Anaheim Angels: Former fantasy stalwart Darin Erstad may never again be the producer he was in 2000 or even 2002 for that matter. Erstad is suffering through chronic hamstring tendinitis and has opted not to have surgery at this point. Erstad, who hit .355 with 25 homeruns and 28 steals in 2000 for Anaheim, missed 95 games last season due to injury, and its more likely that his condition will get worse if he doesn't have the surgery. Troy Glaus may have turned into a sleeper pick in 2004 after a down year also due to injury. Keep track of his situation because, if he gets healthy again, he has 40-homer potential.
Baltimore Orioles: Watch out for Kurt Ainsworth in 2004. One of the more respected prospects in the Giants system for a few years missed the end of '03 with an injury after he was dealt to the Orioles. With the Giants he posted a 3.82 ERA and a reasonable amount of strikeouts. He could be the next Sidney Ponson for Baltimore, a good pitcher on a lousy team but one that's still capable of helping a fantasy team. Don't expect a repeat season from Melvin Mora either. His numbers should go back to closer to his career averages, but a guy that hits .280 with about 12-15 homers that qualifies at so many positions (SS, 2B, OF) is still worth a look in most leagues.
Boston Red Sox: One thing appears certain for the Sox heading into next season...Bronson Arroyo, barring a horrible spring, should make the team either in the bullpen or in the rotation. John Burkett may be retiring; Jeff Suppan appears headed out the proverbial door; Mike Timlin turns 37; and Byung Yung Kim is a mess without a solidified role. Chances are Arroyo lands a spot in the rotation after going 12-6 with a 3.43 ERA for Pawtucket this year. Arroyo is a someone who could be a darkhorse for your strikeouts (he struck out 155 batters in 149.2 innings).
Chicago White Sox: Go ahead and pencil in Frank Thomas on your rosters for 2004. Thomas hit .267 last year with the Sox, his highest average since 2000. Now that the pressure if off "The Big Hurt" and on to teammate Paul Konerko, who struggled severely last season, Thomas should once again lead the Sox in homeruns in '04.
Detroit Tigers: You either had to be a die-hard Tigers fan or someone who owned Dmitri Young or Alex Sanchez in your fantasy league to realize the seasons they had last year. Young put together numbers like .297-29-85 and Sanchez had the quietest 52 stolen bases ever! But if you are looking for a sleeper from Detroit heading into next season, look no further than 3B Eric Munson. Munson quietly clubbed 18 HRs this season despite missing over 50 games with a broken thumb. This youngster can mash and will showcase his power next season.
Kansas City Royals: Several New York papers have reported that the Yankees will explore trading Alfonso Soriano in the offseason and one of the most realistic possibilities is to Kansas City for arbitration eligible Carlos Beltran, in a move that would fill gaping holes for both teams. However unlikely it may be that the Yankees will actually trade Soriano, this does shed light on the Royals' plans to move Beltran (Who is due between $8 million and $10 million in his last arbitration season). GM Allan Baird has been said to be looking to acquire an "impact bat" who could provide enough salary relief from Beltran's contract to acquire help at other sore positions on the team. Trading partners could include Baltimore, Texas, or the New York Mets.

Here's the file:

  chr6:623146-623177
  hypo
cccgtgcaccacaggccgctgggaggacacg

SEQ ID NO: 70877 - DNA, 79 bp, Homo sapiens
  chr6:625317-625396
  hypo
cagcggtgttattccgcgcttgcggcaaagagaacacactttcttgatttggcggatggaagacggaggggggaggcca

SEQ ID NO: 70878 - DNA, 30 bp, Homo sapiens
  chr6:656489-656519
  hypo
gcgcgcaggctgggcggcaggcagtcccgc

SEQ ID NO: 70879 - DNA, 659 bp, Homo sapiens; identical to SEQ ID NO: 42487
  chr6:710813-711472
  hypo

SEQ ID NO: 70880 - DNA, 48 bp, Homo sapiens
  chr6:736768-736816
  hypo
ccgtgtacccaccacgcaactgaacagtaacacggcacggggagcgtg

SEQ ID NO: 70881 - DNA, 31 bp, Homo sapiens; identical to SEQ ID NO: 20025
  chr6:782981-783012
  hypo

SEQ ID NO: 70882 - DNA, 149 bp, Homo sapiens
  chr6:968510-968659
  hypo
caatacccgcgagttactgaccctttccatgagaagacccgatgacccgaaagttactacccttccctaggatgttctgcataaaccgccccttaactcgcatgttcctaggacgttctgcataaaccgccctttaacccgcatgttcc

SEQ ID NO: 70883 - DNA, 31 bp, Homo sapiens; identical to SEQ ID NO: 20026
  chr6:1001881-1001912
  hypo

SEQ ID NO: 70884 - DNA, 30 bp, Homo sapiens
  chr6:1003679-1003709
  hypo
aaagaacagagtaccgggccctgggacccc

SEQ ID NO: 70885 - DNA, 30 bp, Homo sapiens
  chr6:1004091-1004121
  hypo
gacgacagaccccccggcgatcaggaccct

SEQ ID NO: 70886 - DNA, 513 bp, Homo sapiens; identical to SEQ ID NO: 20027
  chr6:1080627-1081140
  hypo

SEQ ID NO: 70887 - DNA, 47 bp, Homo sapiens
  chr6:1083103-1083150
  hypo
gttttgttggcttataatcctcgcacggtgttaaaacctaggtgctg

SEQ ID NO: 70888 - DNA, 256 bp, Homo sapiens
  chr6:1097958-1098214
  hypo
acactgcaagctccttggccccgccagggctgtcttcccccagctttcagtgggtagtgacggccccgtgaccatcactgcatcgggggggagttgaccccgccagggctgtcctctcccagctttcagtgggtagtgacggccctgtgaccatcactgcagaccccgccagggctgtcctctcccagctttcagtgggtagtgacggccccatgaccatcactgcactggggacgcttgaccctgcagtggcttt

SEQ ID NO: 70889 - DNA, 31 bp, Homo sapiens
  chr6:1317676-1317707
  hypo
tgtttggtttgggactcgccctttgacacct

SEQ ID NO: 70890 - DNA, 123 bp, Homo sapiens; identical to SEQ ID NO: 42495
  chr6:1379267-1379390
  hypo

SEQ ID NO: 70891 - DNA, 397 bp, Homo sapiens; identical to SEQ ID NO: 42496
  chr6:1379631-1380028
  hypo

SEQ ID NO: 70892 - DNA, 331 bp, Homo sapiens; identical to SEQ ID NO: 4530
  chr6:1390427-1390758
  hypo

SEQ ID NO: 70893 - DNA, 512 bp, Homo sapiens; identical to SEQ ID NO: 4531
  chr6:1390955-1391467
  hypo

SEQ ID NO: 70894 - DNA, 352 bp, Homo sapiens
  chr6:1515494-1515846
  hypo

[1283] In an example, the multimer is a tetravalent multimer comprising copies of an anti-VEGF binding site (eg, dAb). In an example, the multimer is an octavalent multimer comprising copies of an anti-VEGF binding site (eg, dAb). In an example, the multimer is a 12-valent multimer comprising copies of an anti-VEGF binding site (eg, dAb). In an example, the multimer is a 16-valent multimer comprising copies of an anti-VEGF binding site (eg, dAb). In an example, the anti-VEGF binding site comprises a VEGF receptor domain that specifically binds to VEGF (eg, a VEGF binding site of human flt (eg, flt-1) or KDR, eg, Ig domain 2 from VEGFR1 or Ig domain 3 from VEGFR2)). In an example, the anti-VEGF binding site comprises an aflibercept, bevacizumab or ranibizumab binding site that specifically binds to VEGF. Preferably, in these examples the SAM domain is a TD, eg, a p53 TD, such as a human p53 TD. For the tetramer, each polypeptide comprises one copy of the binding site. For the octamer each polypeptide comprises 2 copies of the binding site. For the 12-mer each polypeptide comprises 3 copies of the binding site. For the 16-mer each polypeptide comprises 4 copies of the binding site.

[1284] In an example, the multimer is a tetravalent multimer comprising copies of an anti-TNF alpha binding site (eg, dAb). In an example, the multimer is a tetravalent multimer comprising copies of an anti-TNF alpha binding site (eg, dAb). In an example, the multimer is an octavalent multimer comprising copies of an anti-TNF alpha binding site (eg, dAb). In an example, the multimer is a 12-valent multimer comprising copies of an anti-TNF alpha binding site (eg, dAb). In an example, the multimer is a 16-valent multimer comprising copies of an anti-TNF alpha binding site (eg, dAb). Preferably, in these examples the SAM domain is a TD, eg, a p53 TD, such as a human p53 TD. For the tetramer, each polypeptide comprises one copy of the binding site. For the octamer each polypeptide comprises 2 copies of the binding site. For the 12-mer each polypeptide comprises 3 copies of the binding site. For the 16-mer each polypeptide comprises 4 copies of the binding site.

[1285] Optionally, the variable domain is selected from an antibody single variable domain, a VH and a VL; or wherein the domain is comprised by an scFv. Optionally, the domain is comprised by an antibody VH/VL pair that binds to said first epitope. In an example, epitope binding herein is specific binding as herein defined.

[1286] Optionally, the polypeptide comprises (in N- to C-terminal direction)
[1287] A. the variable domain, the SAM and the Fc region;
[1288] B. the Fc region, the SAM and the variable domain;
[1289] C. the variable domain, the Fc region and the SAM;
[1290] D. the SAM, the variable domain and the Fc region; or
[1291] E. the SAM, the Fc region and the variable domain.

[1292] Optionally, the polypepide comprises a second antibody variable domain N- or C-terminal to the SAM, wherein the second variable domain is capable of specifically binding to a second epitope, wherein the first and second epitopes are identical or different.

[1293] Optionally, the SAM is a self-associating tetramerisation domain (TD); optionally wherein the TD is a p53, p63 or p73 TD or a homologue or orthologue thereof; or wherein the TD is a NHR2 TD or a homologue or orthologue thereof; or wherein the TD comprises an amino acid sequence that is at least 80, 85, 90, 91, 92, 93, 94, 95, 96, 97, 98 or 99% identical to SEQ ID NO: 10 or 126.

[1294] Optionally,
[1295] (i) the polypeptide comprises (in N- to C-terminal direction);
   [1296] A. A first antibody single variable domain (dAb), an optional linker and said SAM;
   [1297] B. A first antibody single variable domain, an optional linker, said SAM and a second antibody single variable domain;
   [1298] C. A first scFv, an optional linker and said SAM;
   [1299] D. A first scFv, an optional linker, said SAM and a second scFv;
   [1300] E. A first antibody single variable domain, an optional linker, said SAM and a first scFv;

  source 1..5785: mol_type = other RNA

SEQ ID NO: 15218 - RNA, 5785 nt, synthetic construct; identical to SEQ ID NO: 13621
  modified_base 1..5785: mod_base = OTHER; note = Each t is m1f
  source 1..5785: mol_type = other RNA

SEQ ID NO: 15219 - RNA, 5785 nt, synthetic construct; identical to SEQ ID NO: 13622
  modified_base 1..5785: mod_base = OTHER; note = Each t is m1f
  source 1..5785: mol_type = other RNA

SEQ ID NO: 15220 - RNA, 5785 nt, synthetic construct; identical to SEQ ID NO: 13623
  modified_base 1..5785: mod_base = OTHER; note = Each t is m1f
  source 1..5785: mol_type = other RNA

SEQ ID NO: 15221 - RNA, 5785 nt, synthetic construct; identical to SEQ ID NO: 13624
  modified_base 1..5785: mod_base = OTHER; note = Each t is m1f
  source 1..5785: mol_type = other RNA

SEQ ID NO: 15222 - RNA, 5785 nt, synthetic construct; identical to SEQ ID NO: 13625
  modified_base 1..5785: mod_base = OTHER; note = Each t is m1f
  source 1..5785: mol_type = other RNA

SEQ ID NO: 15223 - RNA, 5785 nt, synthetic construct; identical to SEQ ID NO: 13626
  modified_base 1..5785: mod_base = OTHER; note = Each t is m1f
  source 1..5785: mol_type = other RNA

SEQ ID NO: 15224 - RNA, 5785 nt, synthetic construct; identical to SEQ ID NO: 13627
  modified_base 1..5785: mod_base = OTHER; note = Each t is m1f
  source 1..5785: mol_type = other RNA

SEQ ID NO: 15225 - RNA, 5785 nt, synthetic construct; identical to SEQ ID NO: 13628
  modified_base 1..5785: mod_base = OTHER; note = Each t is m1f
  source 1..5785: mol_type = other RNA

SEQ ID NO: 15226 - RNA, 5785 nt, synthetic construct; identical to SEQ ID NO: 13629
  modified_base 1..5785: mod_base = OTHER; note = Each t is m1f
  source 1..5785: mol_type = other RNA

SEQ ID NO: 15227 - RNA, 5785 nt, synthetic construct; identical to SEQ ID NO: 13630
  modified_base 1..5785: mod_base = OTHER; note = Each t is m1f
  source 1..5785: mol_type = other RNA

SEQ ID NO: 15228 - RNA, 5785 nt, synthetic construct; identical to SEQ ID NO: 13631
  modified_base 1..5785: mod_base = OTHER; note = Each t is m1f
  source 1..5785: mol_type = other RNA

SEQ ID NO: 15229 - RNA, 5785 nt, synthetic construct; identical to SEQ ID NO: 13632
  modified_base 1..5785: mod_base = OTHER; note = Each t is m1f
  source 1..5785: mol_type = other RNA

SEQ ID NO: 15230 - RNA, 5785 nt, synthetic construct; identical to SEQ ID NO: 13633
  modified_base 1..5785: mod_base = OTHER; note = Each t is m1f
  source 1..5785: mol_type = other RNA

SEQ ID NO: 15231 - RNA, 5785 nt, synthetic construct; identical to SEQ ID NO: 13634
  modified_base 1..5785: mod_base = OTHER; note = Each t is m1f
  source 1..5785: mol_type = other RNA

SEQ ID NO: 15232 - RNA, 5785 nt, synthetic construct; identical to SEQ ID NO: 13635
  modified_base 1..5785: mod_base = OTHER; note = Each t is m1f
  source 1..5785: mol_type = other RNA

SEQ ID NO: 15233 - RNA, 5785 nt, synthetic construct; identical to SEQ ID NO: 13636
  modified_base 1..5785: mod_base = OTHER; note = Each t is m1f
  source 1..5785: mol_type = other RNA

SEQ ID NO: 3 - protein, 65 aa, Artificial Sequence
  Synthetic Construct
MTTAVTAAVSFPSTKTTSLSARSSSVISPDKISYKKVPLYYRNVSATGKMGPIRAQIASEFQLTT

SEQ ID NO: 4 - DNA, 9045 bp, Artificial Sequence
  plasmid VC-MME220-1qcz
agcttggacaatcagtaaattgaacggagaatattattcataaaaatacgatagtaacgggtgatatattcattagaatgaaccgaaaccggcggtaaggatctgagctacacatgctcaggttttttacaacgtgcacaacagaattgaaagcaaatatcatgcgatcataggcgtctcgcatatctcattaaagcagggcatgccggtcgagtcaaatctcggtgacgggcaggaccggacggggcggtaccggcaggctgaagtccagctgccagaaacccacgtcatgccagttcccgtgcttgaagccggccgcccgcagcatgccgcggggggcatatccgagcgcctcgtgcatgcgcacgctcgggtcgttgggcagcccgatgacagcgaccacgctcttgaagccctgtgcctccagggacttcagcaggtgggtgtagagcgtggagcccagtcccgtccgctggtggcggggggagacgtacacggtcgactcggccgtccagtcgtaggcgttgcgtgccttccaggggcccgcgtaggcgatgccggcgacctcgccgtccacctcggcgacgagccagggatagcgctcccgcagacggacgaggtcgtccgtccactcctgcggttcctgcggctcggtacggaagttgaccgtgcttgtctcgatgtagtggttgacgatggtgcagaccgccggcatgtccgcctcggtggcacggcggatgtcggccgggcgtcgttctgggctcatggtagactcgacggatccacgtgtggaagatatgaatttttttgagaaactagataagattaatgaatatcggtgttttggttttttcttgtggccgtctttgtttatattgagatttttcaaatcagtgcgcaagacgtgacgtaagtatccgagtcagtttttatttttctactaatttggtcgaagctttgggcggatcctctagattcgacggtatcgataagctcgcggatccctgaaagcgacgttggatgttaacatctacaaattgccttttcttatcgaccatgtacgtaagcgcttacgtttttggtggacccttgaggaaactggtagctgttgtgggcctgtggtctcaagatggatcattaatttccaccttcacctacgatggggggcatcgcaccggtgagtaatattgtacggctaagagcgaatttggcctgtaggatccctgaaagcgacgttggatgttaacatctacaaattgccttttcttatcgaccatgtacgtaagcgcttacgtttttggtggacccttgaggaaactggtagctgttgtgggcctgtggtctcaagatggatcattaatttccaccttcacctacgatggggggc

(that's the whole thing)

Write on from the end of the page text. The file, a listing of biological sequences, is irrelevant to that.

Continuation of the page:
Minnesota Twins: Early offseason whispers indicate that the Twins are looking to upgrade their pitching across the board this offseason. For starting pitchers, Kenny Rogers or Rick Reed could return to the Twins in 2004 with a cost-effective deal. Uber-relievers LaTroy Hawkins and Eddie Guardado are also looking at Free Agency. Indications are that all four pitchers will have to look elsewhere, based on what they want and what the Twins say they can afford. Chances are, the Twins will attempt to fill their needs interorganizationally - either by minor league promotions, or trading away some of their top bats for cheap pitching.
New York Yankees: As a team that consistently wins 95+ games in the season, the Yankees are a good source of wins for pitchers. Two players to watch out for in 2004 will be Jose Contreras and Jon Lieber because of this. Contreras showed some impressive stuff as a starter in 2003, but was sidelined due to injury and bullpen confusion. As a full-time starter next year expect around 15 or more wins and a very good number of strikeouts (he had a K/9 mark of 9.13 in 2003). Lieber is a similar story, as he too has a history of success and missed all of this year while recovering from surgery. Don't forget that Lieber anchored the 2001 Cubs staff with a 20-win season. His strikeout numbers aren't anything to get crazy over, but a solid ERA (he had a 3.80 in ‘01) and WHIP (1.15 in '01) and the potential for 12-15 wins are exciting, particularly for a guy that won't go until late rounds of a draft.
Oakland A's: Look out for Ted Lilly in 2004. The 27-year old southpaw finished the season as the hottest pitcher in baseball, going 4-1 with a 2.05 ERA in September. His strikeout numbers have always been somewhere between good and excellent and on a team that wins as many games as Oakland he could be a roto sleeper next season. The shortstop position will be vacant when Miguel Tejada signs elsewhere. Oakland is likely to give Billy Crosby a shot at the job. Crosby hit .308 with 22 homeruns at AAA Sacramento, but his strikeout rate (110 whiffs in 465 at bats) is a bit alarming.